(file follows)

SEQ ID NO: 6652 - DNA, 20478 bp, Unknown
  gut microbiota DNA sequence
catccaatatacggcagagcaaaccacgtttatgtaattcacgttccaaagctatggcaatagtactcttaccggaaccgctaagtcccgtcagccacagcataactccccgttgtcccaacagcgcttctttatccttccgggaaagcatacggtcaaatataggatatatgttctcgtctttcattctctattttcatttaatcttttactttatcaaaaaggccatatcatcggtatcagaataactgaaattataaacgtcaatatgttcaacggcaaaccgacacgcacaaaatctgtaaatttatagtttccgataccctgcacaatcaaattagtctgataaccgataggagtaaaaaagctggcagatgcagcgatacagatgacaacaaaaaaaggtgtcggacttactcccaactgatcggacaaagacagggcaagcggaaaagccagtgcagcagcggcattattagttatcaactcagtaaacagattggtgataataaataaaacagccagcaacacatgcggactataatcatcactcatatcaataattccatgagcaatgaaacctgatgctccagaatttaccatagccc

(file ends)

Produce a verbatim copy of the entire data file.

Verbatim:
SEQ ID NO: 6652 - DNA, 20478 bp, Unknown
  gut microbiota DNA sequence
catccaatatacggcagagcaaaccacgtttatgtaattcacgttccaaagctatggcaatagtactcttaccggaaccgctaagtcccgtcagccacagcataactccccgttgtcccaacagcgcttctttatccttccgggaaagcatacggtcaaatataggatatatgttctcgtctttcattctctattttcatttaatcttttactttatcaaaaaggccatatcatcggtatcagaataactgaaattataaacgtcaatatgttcaacggcaaaccgacacgcacaaaatctgtaaatttatagtttccgataccctgcacaatcaaattagtctgataaccgataggagtaaaaaagctggcagatgcagcgatacagatgacaacaaaaaaaggtgtcggacttactcccaactgatcggacaaagacagggcaagcggaaaagccagtgcagcagcggcattattagttatcaactcagtaaacagattggtgataataaataaaacagccagcaacacatgcggactataatcatcactcatatcaataattccatgagcaatgaaacctgatgctccagaatttaccatagccc